Some MPM tumors cannot synthesize arginine due to the loss of argininosuccinate synthetase 1 (ASS1) gene expression. ASS1 deficiency is twice more frequent in the biphasic/sarcomatoid histotypes than in the epithelioid subtype. In vitro experiments suggest that depletion of arginine through exposure to a specific deaminase leads to synthetic lethality (48). The TRAP phase I trial (NCT02029690) demonstrated a positive effect of treatment with pegylated arginine deaminase (ADI-PEG 20) combined with CT in ASS1-deficient MPM patients (49). The ATOMIC-Meso phase III trial (NCT02709512) is recruiting patients with ASS1 gene loss. Genomic studies on MPM cells reported a reduced or absent expression of an enzyme involved in DNA repair and Ca2+-dependent apoptosis BAP1 in ~50% of sporadic MPMs. In vitro studies demonstrated that BAP1-mutated cells are less sensitive to ionizing radiation causing DNA double-strand breaks (50, 51) or to the DNA synthesis inhibitor gemcitabine (52), highlighting the contribution of BAP1 in DNA damage signaling and repair and a possible role as a predictive biomarker (53). Inherited loss-of-function mutations in BAP1 predispose to multiple carcinomas, including mesothelioma (5456). Interestingly, MPM patients with germline mutated BAP1 or with genetic alterations in other DNA repair genes and treated with platinum CT showed a significantly longer median OS than patients devoid of the same mutations (57). Hence the BAP1 mutational status at diagnosis could be an important factor in predicting MPM patients' response to CT and may sensitize patients to synthetic lethality therapies that hit other components of the DNA repair machinery. Accordingly, as already suggested by Srinivasan et al. (58), the homologous repair (HR) component PARP-1 would be an excellent target for a synthetic lethality approach, given that MPM cells are frequently characterized by HR deficiency and unrepaired DNA damage accumulation due to the aforementioned BAP1 mutations. PARP-1 inhibitors, such as niraparib and olaparib, clearly decreased MPM cell survival, albeit regardless of BAP1 status. BAP1 loss also up-regulates the expression of EZH2, a Polycomb Repressive Complex-2 (PRC2) component involved in epigenetic silencing (59) and oncogenic pathways (60), suggesting sensitivity of BAP1-deficient MPM tumors to EZH2 inhibition. A phase II clinical trial (NCT02860286) is ongoing to evaluate the efficacy of the EZH2 inhibitor tazemetostat in MPM patients (61).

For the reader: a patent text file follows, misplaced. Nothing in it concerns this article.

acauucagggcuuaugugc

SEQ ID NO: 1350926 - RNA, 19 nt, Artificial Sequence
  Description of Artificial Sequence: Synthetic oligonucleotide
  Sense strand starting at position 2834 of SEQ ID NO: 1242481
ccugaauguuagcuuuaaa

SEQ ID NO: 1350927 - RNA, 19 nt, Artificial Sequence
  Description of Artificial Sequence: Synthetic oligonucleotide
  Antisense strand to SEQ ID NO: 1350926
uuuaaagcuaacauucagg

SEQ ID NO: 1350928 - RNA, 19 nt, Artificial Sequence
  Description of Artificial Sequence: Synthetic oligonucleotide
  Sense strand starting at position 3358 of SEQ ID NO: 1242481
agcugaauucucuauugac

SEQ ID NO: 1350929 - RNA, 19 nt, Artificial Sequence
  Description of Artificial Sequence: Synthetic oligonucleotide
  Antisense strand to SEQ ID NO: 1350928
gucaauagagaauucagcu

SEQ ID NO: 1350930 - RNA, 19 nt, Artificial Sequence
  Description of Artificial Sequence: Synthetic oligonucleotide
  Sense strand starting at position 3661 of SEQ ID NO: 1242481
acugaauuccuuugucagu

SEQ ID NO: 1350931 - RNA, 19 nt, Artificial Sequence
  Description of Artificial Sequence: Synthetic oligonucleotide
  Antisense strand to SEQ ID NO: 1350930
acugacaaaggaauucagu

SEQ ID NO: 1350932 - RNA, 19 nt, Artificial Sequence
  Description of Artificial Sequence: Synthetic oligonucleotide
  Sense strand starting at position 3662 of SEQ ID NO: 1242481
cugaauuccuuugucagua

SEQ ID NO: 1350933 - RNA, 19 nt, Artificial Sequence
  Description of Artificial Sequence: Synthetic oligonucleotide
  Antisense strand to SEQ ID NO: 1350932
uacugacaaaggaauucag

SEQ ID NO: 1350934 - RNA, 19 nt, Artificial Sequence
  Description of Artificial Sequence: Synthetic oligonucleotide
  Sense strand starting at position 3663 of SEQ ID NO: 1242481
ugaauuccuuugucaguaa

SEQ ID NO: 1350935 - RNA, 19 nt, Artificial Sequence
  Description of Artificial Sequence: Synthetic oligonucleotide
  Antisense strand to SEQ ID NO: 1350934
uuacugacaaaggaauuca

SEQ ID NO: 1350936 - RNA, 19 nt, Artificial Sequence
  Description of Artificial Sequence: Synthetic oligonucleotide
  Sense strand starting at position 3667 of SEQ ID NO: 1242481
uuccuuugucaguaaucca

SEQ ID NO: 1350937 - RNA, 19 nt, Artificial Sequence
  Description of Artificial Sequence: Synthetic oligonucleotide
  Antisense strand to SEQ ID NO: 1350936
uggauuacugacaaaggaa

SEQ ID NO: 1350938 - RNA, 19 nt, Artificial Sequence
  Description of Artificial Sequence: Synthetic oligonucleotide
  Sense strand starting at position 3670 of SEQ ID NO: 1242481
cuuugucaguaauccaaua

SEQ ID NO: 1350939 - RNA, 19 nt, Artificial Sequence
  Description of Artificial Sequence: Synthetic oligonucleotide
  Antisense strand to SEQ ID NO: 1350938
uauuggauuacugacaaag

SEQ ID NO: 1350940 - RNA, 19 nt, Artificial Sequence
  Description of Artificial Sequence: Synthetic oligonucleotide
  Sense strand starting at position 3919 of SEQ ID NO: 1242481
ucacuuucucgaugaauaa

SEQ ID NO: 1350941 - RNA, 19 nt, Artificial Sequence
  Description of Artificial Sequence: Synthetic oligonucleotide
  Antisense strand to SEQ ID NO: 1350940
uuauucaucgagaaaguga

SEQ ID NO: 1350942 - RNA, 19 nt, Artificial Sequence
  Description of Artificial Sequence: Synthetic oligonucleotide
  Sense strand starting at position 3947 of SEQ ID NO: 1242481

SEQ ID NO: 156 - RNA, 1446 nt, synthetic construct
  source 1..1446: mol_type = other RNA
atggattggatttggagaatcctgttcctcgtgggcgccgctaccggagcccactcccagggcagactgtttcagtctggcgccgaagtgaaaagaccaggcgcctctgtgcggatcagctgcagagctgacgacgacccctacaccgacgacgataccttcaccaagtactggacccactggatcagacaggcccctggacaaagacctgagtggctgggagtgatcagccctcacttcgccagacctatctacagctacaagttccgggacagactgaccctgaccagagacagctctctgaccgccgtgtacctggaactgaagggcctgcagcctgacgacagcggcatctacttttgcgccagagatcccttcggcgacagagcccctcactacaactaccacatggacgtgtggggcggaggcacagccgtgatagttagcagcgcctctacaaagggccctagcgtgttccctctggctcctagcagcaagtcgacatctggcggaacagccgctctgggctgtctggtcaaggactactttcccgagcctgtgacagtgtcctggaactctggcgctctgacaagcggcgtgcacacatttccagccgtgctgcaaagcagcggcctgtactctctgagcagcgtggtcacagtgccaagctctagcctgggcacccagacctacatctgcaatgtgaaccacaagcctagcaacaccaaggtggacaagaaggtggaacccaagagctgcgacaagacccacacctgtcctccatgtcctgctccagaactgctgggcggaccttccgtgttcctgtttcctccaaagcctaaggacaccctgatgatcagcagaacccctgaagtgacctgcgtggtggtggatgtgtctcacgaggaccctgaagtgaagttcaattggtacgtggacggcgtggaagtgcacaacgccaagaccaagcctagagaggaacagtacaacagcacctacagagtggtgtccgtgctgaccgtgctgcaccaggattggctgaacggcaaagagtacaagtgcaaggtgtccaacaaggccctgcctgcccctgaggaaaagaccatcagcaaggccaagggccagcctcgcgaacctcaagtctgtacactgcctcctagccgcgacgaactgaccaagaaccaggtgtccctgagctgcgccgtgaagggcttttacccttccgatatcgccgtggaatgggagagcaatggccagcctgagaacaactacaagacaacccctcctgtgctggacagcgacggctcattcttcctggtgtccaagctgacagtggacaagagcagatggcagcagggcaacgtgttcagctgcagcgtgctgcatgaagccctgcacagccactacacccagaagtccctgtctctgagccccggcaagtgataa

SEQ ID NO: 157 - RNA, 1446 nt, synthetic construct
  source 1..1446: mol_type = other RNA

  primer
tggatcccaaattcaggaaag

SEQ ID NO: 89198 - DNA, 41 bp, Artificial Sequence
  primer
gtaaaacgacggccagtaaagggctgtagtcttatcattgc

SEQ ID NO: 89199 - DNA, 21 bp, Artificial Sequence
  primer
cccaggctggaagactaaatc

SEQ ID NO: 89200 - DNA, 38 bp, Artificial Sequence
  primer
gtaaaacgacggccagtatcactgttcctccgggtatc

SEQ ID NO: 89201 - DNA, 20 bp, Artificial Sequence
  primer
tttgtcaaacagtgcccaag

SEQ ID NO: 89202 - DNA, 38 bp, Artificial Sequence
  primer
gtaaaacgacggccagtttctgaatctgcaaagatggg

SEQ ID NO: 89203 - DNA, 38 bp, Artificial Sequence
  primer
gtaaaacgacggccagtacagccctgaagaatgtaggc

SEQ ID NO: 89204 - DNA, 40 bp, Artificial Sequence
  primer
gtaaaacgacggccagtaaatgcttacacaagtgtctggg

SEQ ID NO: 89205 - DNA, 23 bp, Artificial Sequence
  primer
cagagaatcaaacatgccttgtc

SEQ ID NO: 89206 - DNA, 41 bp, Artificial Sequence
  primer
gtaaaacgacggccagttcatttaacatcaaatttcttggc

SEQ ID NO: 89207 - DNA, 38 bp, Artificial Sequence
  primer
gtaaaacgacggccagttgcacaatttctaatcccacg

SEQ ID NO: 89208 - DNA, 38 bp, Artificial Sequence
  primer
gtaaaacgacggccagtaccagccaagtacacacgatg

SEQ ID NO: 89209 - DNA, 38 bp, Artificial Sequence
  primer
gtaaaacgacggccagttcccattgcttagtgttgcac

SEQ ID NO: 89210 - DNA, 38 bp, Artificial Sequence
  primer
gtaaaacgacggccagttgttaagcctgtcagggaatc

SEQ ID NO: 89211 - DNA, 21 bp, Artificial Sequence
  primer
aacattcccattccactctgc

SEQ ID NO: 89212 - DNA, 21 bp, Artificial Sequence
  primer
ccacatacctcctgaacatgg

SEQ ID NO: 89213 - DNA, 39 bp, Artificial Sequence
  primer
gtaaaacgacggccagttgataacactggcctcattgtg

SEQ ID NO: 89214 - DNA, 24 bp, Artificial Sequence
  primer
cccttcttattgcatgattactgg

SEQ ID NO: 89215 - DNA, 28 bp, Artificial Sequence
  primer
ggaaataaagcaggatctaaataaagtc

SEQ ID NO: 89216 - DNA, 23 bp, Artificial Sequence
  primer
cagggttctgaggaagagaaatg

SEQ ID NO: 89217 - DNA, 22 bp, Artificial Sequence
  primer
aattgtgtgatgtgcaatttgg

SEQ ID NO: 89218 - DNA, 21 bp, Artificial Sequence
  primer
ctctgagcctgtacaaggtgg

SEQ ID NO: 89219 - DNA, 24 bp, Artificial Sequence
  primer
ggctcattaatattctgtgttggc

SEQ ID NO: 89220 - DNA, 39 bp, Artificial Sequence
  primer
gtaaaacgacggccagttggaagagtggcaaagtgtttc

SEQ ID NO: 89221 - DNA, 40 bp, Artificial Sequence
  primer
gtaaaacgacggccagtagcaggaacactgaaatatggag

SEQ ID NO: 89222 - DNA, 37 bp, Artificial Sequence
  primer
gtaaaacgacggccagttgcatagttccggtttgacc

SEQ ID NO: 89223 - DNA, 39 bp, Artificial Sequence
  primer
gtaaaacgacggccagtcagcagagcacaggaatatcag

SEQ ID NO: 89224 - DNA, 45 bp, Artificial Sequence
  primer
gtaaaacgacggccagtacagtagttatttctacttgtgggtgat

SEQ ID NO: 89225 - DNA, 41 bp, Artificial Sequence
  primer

Finally, the synthetic lethality of inhibition of the Focal Adhesion Kinase (FAK) tyrosine kinase with loss of Merlin protein, the first involved in the survival, proliferation, and migration of tumor cells (62) and the second, a tumor suppressor encoded by the NF2 gene frequently mutated in MPM (5), has been proposed. Despite an encouraging positive trend observed in phase I trial in which FAK inhibitor GSK2256098 was tested in MERLIN-negative patients (63), a second large phase II trial (COMMAND, NCT01870609) demonstrated that neither PFS nor OS was improved by the FAK TKI defactinib as compared to placebo when administered as a maintenance treatment after frontline CT (64).

Immunotherapies

Multiple lines of evidence point to the involvement of the immune system in the pathogenesis and sensitivity to therapy of MPM (65, 66). Spontaneous regressions in some patients are attributable to an activation of the immune system (67, 68). Moreover, B cells are essential for a good prognosis (69) in murine preclinical models of mesothelioma treated with immunotherapy, indicating that antibodies are generated and contribute to the therapeutic effect. Also, the presence of cytotoxic CD8+ tumor-infiltrating lymphocytes (TILs) is a good prognostic marker in MPM (70, 71).